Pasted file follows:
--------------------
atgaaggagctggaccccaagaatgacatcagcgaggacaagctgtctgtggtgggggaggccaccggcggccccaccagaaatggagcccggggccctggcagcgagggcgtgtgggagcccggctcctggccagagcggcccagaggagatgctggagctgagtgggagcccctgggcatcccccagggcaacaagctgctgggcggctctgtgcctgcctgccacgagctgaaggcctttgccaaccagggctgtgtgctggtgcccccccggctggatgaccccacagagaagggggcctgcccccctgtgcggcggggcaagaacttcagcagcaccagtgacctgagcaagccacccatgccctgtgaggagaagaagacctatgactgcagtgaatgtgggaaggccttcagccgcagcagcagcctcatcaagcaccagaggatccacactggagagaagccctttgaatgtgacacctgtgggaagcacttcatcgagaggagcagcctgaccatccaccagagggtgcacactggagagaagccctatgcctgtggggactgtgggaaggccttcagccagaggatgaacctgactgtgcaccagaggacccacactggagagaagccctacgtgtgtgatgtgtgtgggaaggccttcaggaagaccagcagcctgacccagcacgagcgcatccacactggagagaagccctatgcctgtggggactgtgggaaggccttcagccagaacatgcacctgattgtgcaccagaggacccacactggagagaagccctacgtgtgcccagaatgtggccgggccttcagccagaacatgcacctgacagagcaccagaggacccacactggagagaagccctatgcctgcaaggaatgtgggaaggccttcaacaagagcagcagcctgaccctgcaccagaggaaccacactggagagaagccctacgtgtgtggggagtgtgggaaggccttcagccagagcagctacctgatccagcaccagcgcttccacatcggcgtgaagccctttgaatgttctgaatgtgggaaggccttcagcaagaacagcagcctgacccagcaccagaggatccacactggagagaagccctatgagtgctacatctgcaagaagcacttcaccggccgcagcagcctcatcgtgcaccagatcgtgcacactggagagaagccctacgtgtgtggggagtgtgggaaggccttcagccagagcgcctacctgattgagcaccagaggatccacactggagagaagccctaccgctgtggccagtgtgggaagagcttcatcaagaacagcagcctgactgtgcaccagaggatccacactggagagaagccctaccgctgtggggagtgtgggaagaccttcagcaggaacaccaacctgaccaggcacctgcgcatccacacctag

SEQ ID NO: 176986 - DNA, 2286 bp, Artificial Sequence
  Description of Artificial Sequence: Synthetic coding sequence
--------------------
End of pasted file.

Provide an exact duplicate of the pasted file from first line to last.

atgaaggagctggaccccaagaatgacatcagcgaggacaagctgtctgtggtgggggaggccaccggcggccccaccagaaatggagcccggggccctggcagcgagggcgtgtgggagcccggctcctggccagagcggcccagaggagatgctggagctgagtgggagcccctgggcatcccccagggcaacaagctgctgggcggctctgtgcctgcctgccacgagctgaaggcctttgccaaccagggctgtgtgctggtgcccccccggctggatgaccccacagagaagggggcctgcccccctgtgcggcggggcaagaacttcagcagcaccagtgacctgagcaagccacccatgccctgtgaggagaagaagacctatgactgcagtgaatgtgggaaggccttcagccgcagcagcagcctcatcaagcaccagaggatccacactggagagaagccctttgaatgtgacacctgtgggaagcacttcatcgagaggagcagcctgaccatccaccagagggtgcacactggagagaagccctatgcctgtggggactgtgggaaggccttcagccagaggatgaacctgactgtgcaccagaggacccacactggagagaagccctacgtgtgtgatgtgtgtgggaaggccttcaggaagaccagcagcctgacccagcacgagcgcatccacactggagagaagccctatgcctgtggggactgtgggaaggccttcagccagaacatgcacctgattgtgcaccagaggacccacactggagagaagccctacgtgtgcccagaatgtggccgggccttcagccagaacatgcacctgacagagcaccagaggacccacactggagagaagccctatgcctgcaaggaatgtgggaaggccttcaacaagagcagcagcctgaccctgcaccagaggaaccacactggagagaagccctacgtgtgtggggagtgtgggaaggccttcagccagagcagctacctgatccagcaccagcgcttccacatcggcgtgaagccctttgaatgttctgaatgtgggaaggccttcagcaagaacagcagcctgacccagcaccagaggatccacactggagagaagccctatgagtgctacatctgcaagaagcacttcaccggccgcagcagcctcatcgtgcaccagatcgtgcacactggagagaagccctacgtgtgtggggagtgtgggaaggccttcagccagagcgcctacctgattgagcaccagaggatccacactggagagaagccctaccgctgtggccagtgtgggaagagcttcatcaagaacagcagcctgactgtgcaccagaggatccacactggagagaagccctaccgctgtggggagtgtgggaagaccttcagcaggaacaccaacctgaccaggcacctgcgcatccacacctag

SEQ ID NO: 176986 - DNA, 2286 bp, Artificial Sequence
  Description of Artificial Sequence: Synthetic coding sequence